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Fuggedaboudit

Liberty Ridge Mid-May- Route Questions!

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Looking to return for a second try this year. Since I am flying out from NY have to plan in advance (work, wife, etc). Originally I was looking at mid-May but have since learned that Paradise has only gotten 50% of usual snow through March 1 this year. Any advice on whether mid-May looks good or whether I should try to move it up into April appreciated. Input from people who have been on mountain this year or have done Lib Ridge themselves especially appreciated!

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Never having done the route I am no expert but I would say that this is probably the worst year to try it in more than 30 years. Go rock climbing this year.

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Lib Ridge can be anything between a grade III-V... and given the snow conditions this year it will easily be a V... Mike, you got anything to say?

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There will likely be a LOT of rockfall on LR this year due to the melting out of previously permanently frozen stuff. If it were me, I'd fuggedaboutit and go do something else. Maybe consider Ptarmagin Ridge? I haven't done it yet, but I think it is less notorious for rockfall.

 

If you want to go for LR, try to get some idea from MRNP when the WRC road might be open. Get in there as soon as the road opens. The carbon glacier will likely be pretty circuitous and the toe of the ridge will be pretty bare. When you get on the ridge, travel fast and early in the day or late at night. A full moon would be helpful. You might consider trying to go all the way to Lib Cap in a day to minimize time on the ridge. And wear a helmet. wink.gif

 

Good luck.

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I would suggest that the weather in April or May will be a more important factor than snowfall in March.

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Alpinfox- Good advice on the full moon that I will use to schedule my trip, whether in May or April. Dru- obviously weather will dictate everything but my point is that I have to plan at least 1 month ahead, so I'll be out west whether it is bluebird or not. Nothing I can do about the weather, my question has more to do with whether the ridge conditions will likely be better earlier than later, and it appears that the sooner the better. Dulton- I plan on bringing fuel for 6 days and food for 4 days, so I was already planning on the route taking at least a day or two longer than the normal 3.

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Thumb rock takes an early morning pounding:

 

4479thumbrockshower6_18.JPG

 

 

Body recovery on LR 2004:

 

4479LRhelicopter6_18_2.JPG

 

Searching for bodies on LR 2004:

 

4479LRhelicopter6_18.JPG

 

Climb the mtn on her terms not yours. wave.gif

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I'd be hesitant to suggest Ptarmigan Ridge as a route less prone to rockfall, because my friends who have climbed the Ptarmigan have all come back with stories of serious rock dodging. But I have only done Liberty (in late july on a medium snowfall year) and I've never been up Ptarmigan.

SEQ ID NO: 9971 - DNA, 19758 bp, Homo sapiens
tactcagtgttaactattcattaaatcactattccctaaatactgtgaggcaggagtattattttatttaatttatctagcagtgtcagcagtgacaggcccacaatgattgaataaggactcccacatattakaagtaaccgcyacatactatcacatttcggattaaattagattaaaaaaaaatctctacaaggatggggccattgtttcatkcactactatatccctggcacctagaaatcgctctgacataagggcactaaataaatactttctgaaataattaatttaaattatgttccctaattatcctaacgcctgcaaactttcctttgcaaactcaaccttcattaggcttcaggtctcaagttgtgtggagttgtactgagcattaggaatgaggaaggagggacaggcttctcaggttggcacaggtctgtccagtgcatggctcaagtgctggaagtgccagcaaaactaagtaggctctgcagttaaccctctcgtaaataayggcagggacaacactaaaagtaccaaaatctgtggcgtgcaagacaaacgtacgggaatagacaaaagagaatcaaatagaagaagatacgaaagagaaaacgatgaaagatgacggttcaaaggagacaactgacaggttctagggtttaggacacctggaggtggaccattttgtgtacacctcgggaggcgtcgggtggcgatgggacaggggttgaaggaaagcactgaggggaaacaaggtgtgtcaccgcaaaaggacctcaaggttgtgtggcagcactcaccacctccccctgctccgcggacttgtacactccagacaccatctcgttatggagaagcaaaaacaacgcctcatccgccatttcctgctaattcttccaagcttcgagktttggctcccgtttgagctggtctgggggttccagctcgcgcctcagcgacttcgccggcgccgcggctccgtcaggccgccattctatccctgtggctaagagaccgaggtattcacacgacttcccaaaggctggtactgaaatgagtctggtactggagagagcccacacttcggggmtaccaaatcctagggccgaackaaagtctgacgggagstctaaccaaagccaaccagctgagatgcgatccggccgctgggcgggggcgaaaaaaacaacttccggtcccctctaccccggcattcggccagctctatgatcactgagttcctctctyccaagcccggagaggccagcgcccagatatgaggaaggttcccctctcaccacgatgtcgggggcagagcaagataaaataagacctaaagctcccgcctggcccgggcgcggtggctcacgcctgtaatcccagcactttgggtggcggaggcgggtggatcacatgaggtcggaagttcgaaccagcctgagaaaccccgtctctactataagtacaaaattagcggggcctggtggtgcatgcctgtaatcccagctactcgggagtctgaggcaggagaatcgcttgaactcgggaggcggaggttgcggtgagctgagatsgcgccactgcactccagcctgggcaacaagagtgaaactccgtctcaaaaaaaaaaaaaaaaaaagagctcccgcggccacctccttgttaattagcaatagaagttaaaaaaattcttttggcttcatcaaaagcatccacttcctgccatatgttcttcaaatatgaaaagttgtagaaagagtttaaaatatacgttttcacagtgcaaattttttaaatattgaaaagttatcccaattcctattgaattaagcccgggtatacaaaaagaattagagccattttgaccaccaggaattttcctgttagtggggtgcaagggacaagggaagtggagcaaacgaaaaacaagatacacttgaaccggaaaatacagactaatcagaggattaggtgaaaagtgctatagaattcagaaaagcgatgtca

I bet there will be enough snow on the Liberty Ridge to make it doable in May if the weather and surface conditions are good.

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The probs with lib ridge have always been

1) the weather while you are on the mountain and..

2) the Carbon

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So rockfall has never been an issue Alex?

 

I seem to recall an injury or two and maybe a death due to rockfall in recent years. And I'm pretty sure I was nearly killed by rockfall on LR, but I could be wrong.

 

Imaginary Rock

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3. Rockfall at basecamp at T rock (heard this several times over the years), wild pic Fox and a good reminder that LR is more commiting than some other routes up there.

ps: Nice pics Nolse.

TTT

Edited by To_The_Top

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So rockfall has never been an issue Alex?

 

I'm not trying to trivialize your incident on the route Pax, but rockfall is hardly unique to Liberty Ridge or almost any other route on Rainier (I guess the Emmons doesnt suffer it), or in fact any steep route on a volcano (N side routes on Hood are prone to severe rockfall, for example). Even the DC can be a real shooting gallery.

 

In my experience the rockfall can be almost entirely avoided on Lib Ridge by gaining the crest early off the Carbon, and there is little rockfall once above the gullys right above Thumb Rock, so I would not characterize this route by being particularly hazardous afa rockfall, that rock in your tent (!! shocked.gif) notwithstanding.

 

I guess when I think of routes where I think rockfall is a real issue, I think of Skyladder on Andromeda, N Face route on Athabasca, stuff like that: the barrage on these routes is pretty epic.

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Maybe consider Ptarmagin Ridge? I haven't done it yet, but I think it is less notorious for rockfall.

 

negative .... rock fall potential equall if not greater, particually during the traverse above the north Mowich .... that being said the Ptarmigan ranks as my all time favorite route on Rainier